var var_flashPaperObj = eval( arg_target ).getIFlashPaper();
            trace( "var_flashPaperObj = " + var_flashPaperObj );
           
            if( !var_flashPaperObj ){
                return;
            }
            else{
                trace( "We now have access to our FlashPaper API" );
                clearInterval( var_intervalID );
               
                // Resize the doc
                var_flashPaperObj.setSize( 800, 600 );
               
                // Show it
                eval( arg_target )._visible = true;
            }
        }
        var_intervalID = setInterval(checkFlashPaperLoaded, 100);
    };


    // Here we create a new MovieClipLoader Object
    var var_movieClipLoader = new MovieClipLoader();
               
    // Here we add the listener to our new MovieClipLoader Object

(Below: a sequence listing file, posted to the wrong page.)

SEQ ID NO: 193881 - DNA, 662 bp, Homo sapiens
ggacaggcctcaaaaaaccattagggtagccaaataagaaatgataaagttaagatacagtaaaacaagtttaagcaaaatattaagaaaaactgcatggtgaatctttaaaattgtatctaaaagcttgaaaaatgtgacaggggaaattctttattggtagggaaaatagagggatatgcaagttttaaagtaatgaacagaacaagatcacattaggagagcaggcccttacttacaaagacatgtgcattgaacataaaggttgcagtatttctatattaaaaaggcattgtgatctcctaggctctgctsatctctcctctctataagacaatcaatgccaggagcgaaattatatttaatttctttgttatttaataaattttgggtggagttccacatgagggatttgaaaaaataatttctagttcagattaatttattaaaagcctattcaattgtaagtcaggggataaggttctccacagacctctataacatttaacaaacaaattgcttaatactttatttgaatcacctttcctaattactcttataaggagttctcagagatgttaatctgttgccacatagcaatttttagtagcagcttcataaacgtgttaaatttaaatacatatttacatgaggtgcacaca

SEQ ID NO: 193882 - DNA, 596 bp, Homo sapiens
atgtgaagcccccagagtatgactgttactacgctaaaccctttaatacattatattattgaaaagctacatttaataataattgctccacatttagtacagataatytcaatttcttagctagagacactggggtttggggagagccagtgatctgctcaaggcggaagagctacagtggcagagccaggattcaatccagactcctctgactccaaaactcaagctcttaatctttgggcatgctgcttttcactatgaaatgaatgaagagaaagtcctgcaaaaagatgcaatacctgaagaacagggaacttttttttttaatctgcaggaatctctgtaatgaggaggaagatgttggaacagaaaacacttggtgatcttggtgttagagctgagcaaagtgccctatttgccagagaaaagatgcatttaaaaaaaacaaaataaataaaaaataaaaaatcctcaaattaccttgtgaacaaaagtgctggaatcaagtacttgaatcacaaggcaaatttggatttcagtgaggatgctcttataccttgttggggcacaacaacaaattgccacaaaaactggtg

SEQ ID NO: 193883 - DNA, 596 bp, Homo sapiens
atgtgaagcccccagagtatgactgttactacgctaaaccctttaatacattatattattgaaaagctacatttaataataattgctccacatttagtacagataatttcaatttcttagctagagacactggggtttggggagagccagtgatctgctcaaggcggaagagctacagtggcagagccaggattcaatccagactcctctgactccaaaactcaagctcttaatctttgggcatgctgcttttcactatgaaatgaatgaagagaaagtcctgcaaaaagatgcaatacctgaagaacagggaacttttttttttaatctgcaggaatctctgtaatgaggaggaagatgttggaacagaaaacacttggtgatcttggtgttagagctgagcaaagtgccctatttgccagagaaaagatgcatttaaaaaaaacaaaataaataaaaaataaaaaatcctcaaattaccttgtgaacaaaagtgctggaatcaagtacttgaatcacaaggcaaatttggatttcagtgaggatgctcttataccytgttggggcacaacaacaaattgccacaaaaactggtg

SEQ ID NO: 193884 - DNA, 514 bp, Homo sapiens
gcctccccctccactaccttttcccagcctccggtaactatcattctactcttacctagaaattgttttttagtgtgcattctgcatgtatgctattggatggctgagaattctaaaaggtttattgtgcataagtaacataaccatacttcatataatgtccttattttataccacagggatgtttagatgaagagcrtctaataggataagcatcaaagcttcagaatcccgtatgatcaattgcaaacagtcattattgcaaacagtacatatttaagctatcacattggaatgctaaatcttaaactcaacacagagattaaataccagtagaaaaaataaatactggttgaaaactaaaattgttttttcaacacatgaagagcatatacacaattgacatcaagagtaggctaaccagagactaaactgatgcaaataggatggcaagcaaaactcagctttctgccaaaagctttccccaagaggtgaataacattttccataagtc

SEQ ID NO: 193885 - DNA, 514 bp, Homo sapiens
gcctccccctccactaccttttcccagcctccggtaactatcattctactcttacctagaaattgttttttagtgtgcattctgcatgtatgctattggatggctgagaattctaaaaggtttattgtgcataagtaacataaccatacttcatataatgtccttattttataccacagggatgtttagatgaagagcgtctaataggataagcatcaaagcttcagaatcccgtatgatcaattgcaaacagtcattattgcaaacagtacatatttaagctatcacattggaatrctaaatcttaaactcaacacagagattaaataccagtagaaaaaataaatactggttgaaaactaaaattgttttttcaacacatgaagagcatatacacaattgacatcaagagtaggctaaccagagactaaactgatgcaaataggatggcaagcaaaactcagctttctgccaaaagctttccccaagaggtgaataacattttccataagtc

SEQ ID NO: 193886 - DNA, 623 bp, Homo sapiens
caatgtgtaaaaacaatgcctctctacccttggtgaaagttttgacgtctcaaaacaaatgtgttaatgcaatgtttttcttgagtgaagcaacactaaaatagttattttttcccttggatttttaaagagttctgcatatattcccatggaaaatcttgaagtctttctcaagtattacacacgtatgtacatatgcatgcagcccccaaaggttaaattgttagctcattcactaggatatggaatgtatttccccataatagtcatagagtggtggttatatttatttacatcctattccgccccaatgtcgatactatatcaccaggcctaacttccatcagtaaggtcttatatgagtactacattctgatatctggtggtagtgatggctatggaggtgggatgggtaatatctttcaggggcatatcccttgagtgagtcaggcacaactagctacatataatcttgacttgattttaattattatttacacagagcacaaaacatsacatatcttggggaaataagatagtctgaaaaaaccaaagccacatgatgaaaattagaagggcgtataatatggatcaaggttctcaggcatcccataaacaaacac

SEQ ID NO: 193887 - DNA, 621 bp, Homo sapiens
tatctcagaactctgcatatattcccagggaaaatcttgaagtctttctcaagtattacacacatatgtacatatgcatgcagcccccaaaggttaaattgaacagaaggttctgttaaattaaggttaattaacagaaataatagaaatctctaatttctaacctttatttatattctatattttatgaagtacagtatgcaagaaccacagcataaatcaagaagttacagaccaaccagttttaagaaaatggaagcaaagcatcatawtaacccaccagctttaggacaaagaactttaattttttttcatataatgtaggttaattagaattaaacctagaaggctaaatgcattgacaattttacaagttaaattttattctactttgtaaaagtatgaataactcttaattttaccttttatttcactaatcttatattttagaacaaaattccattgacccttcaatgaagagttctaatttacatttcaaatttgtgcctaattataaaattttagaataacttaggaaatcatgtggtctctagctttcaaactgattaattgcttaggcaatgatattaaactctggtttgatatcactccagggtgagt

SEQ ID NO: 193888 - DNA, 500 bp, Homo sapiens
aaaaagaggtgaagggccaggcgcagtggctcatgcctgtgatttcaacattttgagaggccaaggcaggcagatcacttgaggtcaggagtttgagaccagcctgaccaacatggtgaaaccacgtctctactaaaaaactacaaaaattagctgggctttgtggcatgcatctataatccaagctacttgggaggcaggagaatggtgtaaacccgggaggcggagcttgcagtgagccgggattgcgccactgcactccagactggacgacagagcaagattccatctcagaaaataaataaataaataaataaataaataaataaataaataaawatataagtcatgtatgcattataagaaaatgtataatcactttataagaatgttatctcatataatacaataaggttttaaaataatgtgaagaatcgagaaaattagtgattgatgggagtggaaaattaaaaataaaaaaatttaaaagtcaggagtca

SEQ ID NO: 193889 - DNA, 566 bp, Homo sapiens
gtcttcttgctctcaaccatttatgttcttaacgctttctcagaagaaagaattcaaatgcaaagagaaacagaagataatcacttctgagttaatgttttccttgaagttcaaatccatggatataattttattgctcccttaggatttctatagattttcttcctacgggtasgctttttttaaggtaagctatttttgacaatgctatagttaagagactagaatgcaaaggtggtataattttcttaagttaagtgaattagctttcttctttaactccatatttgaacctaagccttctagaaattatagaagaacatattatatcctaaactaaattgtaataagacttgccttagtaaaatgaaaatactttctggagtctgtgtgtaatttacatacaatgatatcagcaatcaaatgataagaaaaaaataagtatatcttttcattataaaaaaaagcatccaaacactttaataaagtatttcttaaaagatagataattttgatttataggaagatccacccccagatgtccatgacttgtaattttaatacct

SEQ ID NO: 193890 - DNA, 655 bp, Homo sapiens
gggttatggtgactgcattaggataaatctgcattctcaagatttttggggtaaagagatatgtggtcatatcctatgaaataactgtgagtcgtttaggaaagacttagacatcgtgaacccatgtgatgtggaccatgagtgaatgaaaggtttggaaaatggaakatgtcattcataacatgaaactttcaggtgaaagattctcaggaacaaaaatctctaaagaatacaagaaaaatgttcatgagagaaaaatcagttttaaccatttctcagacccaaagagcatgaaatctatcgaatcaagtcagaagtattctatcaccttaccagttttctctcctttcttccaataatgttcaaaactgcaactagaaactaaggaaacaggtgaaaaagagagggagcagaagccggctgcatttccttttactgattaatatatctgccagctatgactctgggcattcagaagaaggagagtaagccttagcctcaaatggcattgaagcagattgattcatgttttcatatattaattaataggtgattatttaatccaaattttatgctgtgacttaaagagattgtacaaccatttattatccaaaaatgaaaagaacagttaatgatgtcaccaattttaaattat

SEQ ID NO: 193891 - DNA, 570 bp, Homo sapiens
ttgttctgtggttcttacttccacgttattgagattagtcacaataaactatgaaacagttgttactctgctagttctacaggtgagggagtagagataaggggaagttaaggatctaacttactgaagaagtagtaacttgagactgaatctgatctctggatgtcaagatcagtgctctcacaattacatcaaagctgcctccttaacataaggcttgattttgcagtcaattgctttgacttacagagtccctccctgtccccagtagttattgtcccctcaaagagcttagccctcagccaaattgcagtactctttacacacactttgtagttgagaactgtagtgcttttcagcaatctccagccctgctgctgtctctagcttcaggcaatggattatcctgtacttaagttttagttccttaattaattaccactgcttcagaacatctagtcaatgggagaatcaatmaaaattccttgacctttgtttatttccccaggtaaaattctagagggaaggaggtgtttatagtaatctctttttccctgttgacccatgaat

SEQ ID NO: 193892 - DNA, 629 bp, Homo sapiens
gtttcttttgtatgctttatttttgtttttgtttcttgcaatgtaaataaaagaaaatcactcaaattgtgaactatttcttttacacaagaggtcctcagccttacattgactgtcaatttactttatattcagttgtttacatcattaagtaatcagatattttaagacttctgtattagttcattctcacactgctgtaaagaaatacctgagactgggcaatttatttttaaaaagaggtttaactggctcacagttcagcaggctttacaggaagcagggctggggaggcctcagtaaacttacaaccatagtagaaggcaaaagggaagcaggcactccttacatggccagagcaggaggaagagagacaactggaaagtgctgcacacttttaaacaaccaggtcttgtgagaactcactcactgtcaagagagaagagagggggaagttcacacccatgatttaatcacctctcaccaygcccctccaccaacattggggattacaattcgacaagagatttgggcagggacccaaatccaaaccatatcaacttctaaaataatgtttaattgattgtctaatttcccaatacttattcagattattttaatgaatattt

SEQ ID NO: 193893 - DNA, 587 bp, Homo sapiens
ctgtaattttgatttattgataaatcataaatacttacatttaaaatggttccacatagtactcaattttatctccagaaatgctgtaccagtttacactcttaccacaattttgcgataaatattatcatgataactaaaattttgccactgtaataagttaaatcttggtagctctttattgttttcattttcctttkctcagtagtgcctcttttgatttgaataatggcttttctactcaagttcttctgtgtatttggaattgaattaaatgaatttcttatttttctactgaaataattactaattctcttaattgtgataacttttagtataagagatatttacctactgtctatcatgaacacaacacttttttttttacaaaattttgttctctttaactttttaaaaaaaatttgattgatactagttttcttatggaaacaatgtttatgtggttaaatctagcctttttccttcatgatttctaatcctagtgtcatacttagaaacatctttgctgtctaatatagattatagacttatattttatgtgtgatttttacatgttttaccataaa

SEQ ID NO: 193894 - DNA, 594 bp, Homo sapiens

var_movieClipLoader.addListener( mcObjListener );
           
    // Now we use our new MovieClipLoader object to load the swf into the movieclip holder
    var_movieClipLoader.loadClip( "build.it.and.then.tell.them.swf", "testMovie_mc" );





    Make sure you have a FlashPaper 2.0 SWF of the appropriate name in the same directory and compile to see you document in Flash.

    Remember that the FlashPlayer security settings will not allow you to view this example in a browser locally.  To see it in a browser, publish a .html file with it and post to your webserver.
    Attachment: flashpaper_as2.0.zip 197626 bytes
  • Using Michael Jordan's Open Source Captioned Skins for the FLVPlayback Component in AS 2.0
    04/23/2008 9:35AM
    Following is a quick tutorial on how to set-up and use the set of captioned FLVPlayback skins created by Michael Jordan.

    This tutorial covers using the skins with ActionScript 2.0 cuepoints.